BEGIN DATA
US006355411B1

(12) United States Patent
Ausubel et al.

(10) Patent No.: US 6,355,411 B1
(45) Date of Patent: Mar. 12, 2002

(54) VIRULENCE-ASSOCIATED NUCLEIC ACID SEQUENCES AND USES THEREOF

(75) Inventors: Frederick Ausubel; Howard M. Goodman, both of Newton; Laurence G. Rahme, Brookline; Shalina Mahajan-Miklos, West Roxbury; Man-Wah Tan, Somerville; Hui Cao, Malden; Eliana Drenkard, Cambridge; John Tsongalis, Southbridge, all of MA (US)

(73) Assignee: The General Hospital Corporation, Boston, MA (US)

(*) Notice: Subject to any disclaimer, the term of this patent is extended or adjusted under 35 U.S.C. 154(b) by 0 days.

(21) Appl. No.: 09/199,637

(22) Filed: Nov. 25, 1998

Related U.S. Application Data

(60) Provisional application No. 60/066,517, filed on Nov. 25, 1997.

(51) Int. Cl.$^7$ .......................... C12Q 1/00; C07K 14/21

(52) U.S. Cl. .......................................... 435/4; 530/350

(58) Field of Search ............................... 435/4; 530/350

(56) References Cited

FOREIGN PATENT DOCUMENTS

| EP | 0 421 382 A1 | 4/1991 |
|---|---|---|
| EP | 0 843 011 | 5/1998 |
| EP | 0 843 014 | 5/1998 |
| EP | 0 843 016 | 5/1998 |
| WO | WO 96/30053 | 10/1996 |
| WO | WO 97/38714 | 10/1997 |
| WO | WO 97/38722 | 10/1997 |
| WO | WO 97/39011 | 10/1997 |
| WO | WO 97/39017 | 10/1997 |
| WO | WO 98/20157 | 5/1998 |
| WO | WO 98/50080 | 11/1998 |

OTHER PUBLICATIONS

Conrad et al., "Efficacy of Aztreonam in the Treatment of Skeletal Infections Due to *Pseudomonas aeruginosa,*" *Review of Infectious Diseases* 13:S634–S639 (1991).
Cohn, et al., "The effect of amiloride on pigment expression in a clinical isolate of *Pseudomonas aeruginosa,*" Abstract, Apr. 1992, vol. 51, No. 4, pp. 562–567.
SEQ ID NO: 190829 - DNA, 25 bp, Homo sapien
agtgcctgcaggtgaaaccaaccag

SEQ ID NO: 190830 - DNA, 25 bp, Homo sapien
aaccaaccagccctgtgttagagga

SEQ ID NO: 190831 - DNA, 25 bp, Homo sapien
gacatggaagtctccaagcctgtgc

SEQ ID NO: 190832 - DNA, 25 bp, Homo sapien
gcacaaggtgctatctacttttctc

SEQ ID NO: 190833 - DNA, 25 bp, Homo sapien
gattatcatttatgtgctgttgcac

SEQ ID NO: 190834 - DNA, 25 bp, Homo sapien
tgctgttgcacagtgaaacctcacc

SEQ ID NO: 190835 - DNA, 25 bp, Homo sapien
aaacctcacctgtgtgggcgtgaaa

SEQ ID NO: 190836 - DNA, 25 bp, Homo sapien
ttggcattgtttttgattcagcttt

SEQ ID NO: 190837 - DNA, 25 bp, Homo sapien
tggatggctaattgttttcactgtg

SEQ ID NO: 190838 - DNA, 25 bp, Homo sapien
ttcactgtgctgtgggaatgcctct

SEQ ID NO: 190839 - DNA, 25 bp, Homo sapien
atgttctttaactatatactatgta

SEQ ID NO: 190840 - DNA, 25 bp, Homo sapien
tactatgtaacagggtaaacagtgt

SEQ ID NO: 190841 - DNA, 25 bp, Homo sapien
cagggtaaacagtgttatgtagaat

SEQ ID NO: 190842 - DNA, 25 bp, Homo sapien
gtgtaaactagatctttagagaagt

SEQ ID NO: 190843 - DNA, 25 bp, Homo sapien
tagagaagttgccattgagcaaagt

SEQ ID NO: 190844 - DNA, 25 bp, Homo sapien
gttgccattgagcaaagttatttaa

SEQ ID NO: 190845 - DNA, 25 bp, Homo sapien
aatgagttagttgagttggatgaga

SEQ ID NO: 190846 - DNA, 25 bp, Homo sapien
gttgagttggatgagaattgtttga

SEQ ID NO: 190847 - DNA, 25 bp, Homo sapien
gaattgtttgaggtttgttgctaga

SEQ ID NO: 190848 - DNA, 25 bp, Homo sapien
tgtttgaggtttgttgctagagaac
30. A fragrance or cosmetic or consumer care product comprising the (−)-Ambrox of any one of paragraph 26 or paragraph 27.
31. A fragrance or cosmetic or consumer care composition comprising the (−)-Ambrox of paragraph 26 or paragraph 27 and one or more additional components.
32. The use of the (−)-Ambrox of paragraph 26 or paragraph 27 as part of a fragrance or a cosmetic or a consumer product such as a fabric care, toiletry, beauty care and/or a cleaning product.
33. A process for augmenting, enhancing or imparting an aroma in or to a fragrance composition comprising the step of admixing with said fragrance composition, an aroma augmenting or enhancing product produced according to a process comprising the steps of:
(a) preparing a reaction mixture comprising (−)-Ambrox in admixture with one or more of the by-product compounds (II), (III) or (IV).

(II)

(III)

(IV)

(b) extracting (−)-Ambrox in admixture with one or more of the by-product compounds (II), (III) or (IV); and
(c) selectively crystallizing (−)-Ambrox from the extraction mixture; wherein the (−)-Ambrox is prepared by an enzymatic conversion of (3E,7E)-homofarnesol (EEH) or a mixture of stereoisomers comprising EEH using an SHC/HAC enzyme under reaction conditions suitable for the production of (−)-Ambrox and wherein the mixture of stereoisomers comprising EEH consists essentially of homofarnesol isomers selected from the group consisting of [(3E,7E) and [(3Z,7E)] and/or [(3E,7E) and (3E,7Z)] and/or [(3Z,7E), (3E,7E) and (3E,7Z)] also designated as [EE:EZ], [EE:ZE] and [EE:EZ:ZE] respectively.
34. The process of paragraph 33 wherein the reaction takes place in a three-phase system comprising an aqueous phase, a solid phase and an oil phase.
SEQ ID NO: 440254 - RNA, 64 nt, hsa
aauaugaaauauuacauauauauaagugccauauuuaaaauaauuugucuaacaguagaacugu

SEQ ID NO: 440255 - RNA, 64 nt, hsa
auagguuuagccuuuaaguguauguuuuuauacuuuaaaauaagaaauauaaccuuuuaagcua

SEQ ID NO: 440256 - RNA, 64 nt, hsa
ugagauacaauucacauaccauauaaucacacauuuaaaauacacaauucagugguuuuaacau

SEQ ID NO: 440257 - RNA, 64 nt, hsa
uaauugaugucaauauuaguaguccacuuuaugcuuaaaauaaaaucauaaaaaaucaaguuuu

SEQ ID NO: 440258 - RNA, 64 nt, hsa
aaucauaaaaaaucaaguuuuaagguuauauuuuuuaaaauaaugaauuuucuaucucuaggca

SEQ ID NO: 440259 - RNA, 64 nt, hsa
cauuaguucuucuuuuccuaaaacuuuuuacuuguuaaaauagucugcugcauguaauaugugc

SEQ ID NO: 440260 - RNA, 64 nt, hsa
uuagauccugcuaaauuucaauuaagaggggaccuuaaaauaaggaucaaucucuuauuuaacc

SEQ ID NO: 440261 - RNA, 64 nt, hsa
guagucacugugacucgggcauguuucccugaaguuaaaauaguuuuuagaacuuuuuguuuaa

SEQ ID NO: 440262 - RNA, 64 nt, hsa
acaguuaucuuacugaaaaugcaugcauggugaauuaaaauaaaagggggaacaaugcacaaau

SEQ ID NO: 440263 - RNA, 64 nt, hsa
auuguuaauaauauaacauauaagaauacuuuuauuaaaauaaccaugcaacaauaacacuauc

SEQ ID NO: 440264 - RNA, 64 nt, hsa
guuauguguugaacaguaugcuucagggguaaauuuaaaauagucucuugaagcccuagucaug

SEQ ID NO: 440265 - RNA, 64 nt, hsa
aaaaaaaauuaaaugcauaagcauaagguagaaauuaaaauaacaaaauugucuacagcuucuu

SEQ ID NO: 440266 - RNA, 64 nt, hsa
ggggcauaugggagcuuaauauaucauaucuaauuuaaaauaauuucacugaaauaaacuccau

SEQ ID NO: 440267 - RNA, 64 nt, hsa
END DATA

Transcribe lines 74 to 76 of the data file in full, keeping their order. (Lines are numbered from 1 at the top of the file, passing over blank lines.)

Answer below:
30. A fragrance or cosmetic or consumer care product comprising the (−)-Ambrox of any one of paragraph 26 or paragraph 27.
31. A fragrance or cosmetic or consumer care composition comprising the (−)-Ambrox of paragraph 26 or paragraph 27 and one or more additional components.
32. The use of the (−)-Ambrox of paragraph 26 or paragraph 27 as part of a fragrance or a cosmetic or a consumer product such as a fabric care, toiletry, beauty care and/or a cleaning product.